Get It Growing: Include Parsley In Your Winter Garden

Daniel Gill, Merrill, Thomas A.  |  10/24/2006 12:19:35 AM

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Get It Growing News For 12/12/03

By Dan Gill
LSU AgCenter Horticulturist

Cooking is a part of the holiday season, and many recipes call for chopped parsley. Easily grown, parsley should be planted in everyone’s cool-season herb garden.

Parsley (Petroselinum crispum) is a member of the carrot family that’s native to Europe. The ancient Greeks and Romans knew parsley well as a medicinal plant and as a seasoning.

Parsley is, in fact, one of the most nutritious of herbs. An excellent source of vitamins A and C, it also contains niacin, riboflavin, iron and calcium.

Rich in chlorophyll, fresh parsley leaves also are an excellent breath freshener when chewed after a meal. That is the reason a sprig of parsley is a traditional garnish on dinner plates.

Parsley basically can be divided into two forms – curly parsley and Italian or flat-leaf parsley. Curly parsley is the more ornamental of the two. It’s great for use as a garnish as well as when cooking. It also makes an excellent addition to flowerbeds and planters. Flat-leaf parsley has a stronger flavor and is preferred for culinary purposes.

Although parsley actually is a biennial, we generally grow parsley as a cool-season annual from October through May. So now is an excellent time to plant parsley seeds or transplants.

Grow parsley in beds that receive part shade to full sun (4 hours to 8 hours of direct sun). Production generally is greater in sunnier locations, but parsley will last longer into the heat of summer if it receives some afternoon shade. Well-prepared beds enriched with organic matter will encourage abundant growth for harvest.

When planted now in the early winter, parsley will be far more productive than if you wait and plant next spring. You may plant parsley seed directly into the garden during mild weather. Or you can plant seeds in pots indoors for transplants.

When planting, cover the seeds with a quarter-inch to a half-inch of soil. Water lightly every day, and the seeds should be up in 10 to 14 days. After three or four weeks, when the sprouts are a few inches tall and have several leaves, thin seedlings growing in the garden to allow about 10 inches between the plants. If desired, extras can be transplanted to other spots.

Parsley transplants also are readily available at area nurseries. But be sure to look carefully at the pot when you purchase it. You may find that a number of seeds were planted in the pot and it is full of young parsley plants. Planted as is, they would be far too crowded. Either pinch off all but two or three of the largest plants or separate the plants and plant them individually into small pots or the garden.

Young, newly planted parsley plants need regular watering until they become established, so pay particular attention to them during dry weather. Once they are established, watch the weather and water deeply once or twice a week if there is no rain for more than a week.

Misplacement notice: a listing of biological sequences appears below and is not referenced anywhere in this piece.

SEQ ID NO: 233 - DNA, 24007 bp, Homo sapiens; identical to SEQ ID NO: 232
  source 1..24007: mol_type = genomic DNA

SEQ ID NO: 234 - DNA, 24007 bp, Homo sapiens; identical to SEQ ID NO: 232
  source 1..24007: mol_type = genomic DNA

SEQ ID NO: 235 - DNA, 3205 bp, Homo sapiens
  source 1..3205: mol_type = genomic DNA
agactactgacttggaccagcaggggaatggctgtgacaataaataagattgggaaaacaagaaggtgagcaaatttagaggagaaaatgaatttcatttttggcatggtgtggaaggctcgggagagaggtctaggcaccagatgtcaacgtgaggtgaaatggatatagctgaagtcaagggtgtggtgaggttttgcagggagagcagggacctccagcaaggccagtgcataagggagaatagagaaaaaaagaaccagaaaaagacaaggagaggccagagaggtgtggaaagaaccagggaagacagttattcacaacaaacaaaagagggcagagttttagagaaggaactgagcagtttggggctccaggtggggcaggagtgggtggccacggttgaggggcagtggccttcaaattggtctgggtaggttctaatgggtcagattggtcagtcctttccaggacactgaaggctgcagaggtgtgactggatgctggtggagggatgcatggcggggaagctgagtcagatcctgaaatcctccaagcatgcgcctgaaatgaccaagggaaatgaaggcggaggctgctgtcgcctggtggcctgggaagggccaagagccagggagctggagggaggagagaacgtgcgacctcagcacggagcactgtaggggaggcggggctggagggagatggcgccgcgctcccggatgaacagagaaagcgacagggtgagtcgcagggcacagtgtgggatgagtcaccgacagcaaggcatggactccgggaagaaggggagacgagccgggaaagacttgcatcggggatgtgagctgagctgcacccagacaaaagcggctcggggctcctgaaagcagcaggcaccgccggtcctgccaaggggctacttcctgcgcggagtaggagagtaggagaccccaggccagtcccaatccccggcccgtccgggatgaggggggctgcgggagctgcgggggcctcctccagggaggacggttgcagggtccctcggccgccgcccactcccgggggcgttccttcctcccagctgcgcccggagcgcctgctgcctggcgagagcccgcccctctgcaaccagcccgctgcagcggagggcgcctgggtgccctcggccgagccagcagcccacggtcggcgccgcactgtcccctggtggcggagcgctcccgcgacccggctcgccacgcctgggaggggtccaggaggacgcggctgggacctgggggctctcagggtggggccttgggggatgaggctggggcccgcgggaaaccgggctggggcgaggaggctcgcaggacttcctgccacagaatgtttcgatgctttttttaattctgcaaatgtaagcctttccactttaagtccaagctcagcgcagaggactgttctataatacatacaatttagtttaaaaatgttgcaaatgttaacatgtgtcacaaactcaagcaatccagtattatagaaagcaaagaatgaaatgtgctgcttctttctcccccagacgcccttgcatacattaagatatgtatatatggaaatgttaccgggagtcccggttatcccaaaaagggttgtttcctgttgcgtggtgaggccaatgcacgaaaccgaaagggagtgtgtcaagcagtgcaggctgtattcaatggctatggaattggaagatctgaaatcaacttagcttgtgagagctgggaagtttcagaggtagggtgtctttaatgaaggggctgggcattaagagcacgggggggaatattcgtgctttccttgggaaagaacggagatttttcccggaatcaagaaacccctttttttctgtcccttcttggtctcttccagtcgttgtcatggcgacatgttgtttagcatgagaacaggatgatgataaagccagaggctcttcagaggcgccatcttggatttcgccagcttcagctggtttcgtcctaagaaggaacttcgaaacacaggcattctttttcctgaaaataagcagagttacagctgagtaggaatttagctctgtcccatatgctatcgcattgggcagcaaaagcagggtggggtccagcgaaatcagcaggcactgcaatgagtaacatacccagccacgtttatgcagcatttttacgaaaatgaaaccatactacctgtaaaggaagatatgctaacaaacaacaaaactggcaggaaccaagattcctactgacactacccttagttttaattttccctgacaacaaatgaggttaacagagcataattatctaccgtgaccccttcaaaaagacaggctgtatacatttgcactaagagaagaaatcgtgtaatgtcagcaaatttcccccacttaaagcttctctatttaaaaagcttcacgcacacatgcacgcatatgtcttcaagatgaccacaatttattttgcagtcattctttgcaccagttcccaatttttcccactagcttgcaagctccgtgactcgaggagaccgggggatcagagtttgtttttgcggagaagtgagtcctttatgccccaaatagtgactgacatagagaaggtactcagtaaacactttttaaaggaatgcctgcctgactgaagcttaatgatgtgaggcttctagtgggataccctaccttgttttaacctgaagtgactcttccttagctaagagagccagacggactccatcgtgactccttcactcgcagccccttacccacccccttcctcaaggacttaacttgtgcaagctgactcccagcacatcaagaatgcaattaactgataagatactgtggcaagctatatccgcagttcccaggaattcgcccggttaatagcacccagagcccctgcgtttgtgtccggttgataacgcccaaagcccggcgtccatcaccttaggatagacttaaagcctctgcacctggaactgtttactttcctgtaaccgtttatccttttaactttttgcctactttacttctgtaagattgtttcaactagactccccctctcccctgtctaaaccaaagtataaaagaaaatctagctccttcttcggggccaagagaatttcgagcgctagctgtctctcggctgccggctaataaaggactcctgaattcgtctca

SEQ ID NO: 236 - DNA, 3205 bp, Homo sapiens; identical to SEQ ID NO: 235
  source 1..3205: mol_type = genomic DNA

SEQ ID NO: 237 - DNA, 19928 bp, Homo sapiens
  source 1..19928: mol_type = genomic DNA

You also can spread a 2-inch layer of mulch, such as chopped leaves, grass clippings or pine straw, around the plants. The mulch will help the soil retain moisture, discourage weeds and keep soil from splashing on the foliage.

Parsley grows happily in a container alone or with other herbs or flowers. Use a gallon-size container for one plant or larger containers for several plants or a mixed planting. Just be sure the container you use has drainage holes. All you have to do is fill the container with moistened potting mix and add some slow-release fertilizer – or plan to water the plants twice a month with a soluble fertilizer.

Begin harvesting parsley when it has grown to about 8 inches in diameter and has numerous leaves. Harvest the larger, lower leaves at the outside of the plant – leaving the newer interior shoots to mature. Generally, remove no more than one-third to one-half of the foliage at any one time.

Place the stems of freshly harvested parsley in a glass of water to use the leaves over the next few days. Store freshly picked and moistened parsley in a plastic bag in the refrigerator for up to two weeks.

Although parsley’s flavor is best when it is chopped fresh, it also can be preserved by freezing. To freeze parsley, chop it finely and place it in a layer about 1/2-inch thick in a plastic freezer bag. Press out as much air as possible and seal the bag. Break off pieces as needed. It keeps well frozen for up to six months.

In late spring, you may see colorful caterpillars (green with yellow-dotted black bands across each segment) feeding on the leaves of your parsley plants (as well as fennel and dill). These are the larvae of the beautiful black swallowtail butterfly. Try to leave them alone if they are not causing too much damage. Or if you would rather get them off your plants, give them to friends with butterfly gardens.

Also in late spring or early summer, parsley often will bolt or send up a flower stalk. This signals a decline in foliage flavor and an end to harvesting. The tiny, greenish-white flowers in flat clusters are not showy, but do attract and provide nectar for tiny parasitic wasps. These wasps help control insect pests in the garden, so I always allow my parsley to stay in the garden and bloom, even when I’ve stopped harvesting the leaves.

Get It Growing is a weekly feature on home lawn and garden topics prepared by experts in the LSU AgCenter. For more information on such topics, contact your parish LSU AgCenter Extension office or visit our Web site at www.lsuagcenter.com  A wide range of publications and a variety of other resources are available.

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Contact: Dan Gill at (225) 578-2222 or dgill@agcenter.lsu.edu
Editor: Tom Merrill at (225) 578-2263 or tmerrill@agcenter.lsu.edu

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